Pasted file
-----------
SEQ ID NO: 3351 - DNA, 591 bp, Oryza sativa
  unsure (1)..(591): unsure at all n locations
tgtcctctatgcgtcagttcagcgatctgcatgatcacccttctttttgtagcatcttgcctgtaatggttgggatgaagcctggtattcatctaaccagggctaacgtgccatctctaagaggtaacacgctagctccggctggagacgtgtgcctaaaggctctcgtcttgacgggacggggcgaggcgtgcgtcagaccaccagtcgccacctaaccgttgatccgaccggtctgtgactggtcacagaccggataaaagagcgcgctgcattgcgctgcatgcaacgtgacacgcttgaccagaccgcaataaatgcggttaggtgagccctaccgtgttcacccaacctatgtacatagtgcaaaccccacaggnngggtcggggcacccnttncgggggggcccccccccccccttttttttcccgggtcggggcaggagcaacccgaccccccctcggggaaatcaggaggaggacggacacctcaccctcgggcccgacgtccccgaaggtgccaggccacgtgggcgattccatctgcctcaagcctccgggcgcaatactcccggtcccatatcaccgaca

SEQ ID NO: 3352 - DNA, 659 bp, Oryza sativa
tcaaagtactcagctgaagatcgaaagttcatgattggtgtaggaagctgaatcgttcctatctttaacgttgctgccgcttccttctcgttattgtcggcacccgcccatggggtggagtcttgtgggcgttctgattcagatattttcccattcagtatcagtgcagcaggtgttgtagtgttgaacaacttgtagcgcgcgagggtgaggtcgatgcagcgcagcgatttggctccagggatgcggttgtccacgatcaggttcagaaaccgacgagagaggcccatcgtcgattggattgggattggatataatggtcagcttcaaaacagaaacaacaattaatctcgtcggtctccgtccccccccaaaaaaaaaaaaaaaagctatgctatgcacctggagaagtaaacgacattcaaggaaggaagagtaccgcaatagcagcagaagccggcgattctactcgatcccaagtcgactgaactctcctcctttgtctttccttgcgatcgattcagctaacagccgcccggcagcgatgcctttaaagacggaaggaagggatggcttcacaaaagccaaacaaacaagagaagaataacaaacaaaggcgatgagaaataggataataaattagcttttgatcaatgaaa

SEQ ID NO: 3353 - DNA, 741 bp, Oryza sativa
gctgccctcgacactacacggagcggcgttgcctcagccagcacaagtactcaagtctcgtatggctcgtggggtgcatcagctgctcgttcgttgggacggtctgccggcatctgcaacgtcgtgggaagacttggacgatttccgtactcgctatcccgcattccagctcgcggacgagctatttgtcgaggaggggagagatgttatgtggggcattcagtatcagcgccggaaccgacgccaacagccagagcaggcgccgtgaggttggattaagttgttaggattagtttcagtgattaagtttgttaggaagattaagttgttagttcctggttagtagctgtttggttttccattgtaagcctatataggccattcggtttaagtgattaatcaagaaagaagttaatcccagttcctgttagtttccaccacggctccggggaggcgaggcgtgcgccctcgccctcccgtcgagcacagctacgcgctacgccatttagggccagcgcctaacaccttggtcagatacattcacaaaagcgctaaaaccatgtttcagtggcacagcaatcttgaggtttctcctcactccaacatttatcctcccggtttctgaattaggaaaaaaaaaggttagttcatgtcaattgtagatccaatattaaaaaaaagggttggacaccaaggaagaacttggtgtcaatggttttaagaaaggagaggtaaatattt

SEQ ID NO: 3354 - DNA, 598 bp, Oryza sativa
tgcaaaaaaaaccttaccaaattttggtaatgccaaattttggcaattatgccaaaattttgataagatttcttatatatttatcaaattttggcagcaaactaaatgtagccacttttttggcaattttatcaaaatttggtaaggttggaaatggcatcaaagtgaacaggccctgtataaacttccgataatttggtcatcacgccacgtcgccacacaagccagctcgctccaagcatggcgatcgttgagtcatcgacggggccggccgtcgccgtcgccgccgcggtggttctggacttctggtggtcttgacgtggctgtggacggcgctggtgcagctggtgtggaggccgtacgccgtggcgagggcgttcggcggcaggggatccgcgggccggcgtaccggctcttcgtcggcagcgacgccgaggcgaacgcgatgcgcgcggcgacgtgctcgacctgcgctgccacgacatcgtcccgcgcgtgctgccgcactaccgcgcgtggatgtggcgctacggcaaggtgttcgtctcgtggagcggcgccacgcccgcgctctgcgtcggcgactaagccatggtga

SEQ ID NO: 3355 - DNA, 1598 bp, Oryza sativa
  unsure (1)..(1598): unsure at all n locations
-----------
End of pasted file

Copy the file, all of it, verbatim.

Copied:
SEQ ID NO: 3351 - DNA, 591 bp, Oryza sativa
  unsure (1)..(591): unsure at all n locations
tgtcctctatgcgtcagttcagcgatctgcatgatcacccttctttttgtagcatcttgcctgtaatggttgggatgaagcctggtattcatctaaccagggctaacgtgccatctctaagaggtaacacgctagctccggctggagacgtgtgcctaaaggctctcgtcttgacgggacggggcgaggcgtgcgtcagaccaccagtcgccacctaaccgttgatccgaccggtctgtgactggtcacagaccggataaaagagcgcgctgcattgcgctgcatgcaacgtgacacgcttgaccagaccgcaataaatgcggttaggtgagccctaccgtgttcacccaacctatgtacatagtgcaaaccccacaggnngggtcggggcacccnttncgggggggcccccccccccccttttttttcccgggtcggggcaggagcaacccgaccccccctcggggaaatcaggaggaggacggacacctcaccctcgggcccgacgtccccgaaggtgccaggccacgtgggcgattccatctgcctcaagcctccgggcgcaatactcccggtcccatatcaccgaca

SEQ ID NO: 3352 - DNA, 659 bp, Oryza sativa
tcaaagtactcagctgaagatcgaaagttcatgattggtgtaggaagctgaatcgttcctatctttaacgttgctgccgcttccttctcgttattgtcggcacccgcccatggggtggagtcttgtgggcgttctgattcagatattttcccattcagtatcagtgcagcaggtgttgtagtgttgaacaacttgtagcgcgcgagggtgaggtcgatgcagcgcagcgatttggctccagggatgcggttgtccacgatcaggttcagaaaccgacgagagaggcccatcgtcgattggattgggattggatataatggtcagcttcaaaacagaaacaacaattaatctcgtcggtctccgtccccccccaaaaaaaaaaaaaaaagctatgctatgcacctggagaagtaaacgacattcaaggaaggaagagtaccgcaatagcagcagaagccggcgattctactcgatcccaagtcgactgaactctcctcctttgtctttccttgcgatcgattcagctaacagccgcccggcagcgatgcctttaaagacggaaggaagggatggcttcacaaaagccaaacaaacaagagaagaataacaaacaaaggcgatgagaaataggataataaattagcttttgatcaatgaaa

SEQ ID NO: 3353 - DNA, 741 bp, Oryza sativa
gctgccctcgacactacacggagcggcgttgcctcagccagcacaagtactcaagtctcgtatggctcgtggggtgcatcagctgctcgttcgttgggacggtctgccggcatctgcaacgtcgtgggaagacttggacgatttccgtactcgctatcccgcattccagctcgcggacgagctatttgtcgaggaggggagagatgttatgtggggcattcagtatcagcgccggaaccgacgccaacagccagagcaggcgccgtgaggttggattaagttgttaggattagtttcagtgattaagtttgttaggaagattaagttgttagttcctggttagtagctgtttggttttccattgtaagcctatataggccattcggtttaagtgattaatcaagaaagaagttaatcccagttcctgttagtttccaccacggctccggggaggcgaggcgtgcgccctcgccctcccgtcgagcacagctacgcgctacgccatttagggccagcgcctaacaccttggtcagatacattcacaaaagcgctaaaaccatgtttcagtggcacagcaatcttgaggtttctcctcactccaacatttatcctcccggtttctgaattaggaaaaaaaaaggttagttcatgtcaattgtagatccaatattaaaaaaaagggttggacaccaaggaagaacttggtgtcaatggttttaagaaaggagaggtaaatattt

SEQ ID NO: 3354 - DNA, 598 bp, Oryza sativa
tgcaaaaaaaaccttaccaaattttggtaatgccaaattttggcaattatgccaaaattttgataagatttcttatatatttatcaaattttggcagcaaactaaatgtagccacttttttggcaattttatcaaaatttggtaaggttggaaatggcatcaaagtgaacaggccctgtataaacttccgataatttggtcatcacgccacgtcgccacacaagccagctcgctccaagcatggcgatcgttgagtcatcgacggggccggccgtcgccgtcgccgccgcggtggttctggacttctggtggtcttgacgtggctgtggacggcgctggtgcagctggtgtggaggccgtacgccgtggcgagggcgttcggcggcaggggatccgcgggccggcgtaccggctcttcgtcggcagcgacgccgaggcgaacgcgatgcgcgcggcgacgtgctcgacctgcgctgccacgacatcgtcccgcgcgtgctgccgcactaccgcgcgtggatgtggcgctacggcaaggtgttcgtctcgtggagcggcgccacgcccgcgctctgcgtcggcgactaagccatggtga

SEQ ID NO: 3355 - DNA, 1598 bp, Oryza sativa
  unsure (1)..(1598): unsure at all n locations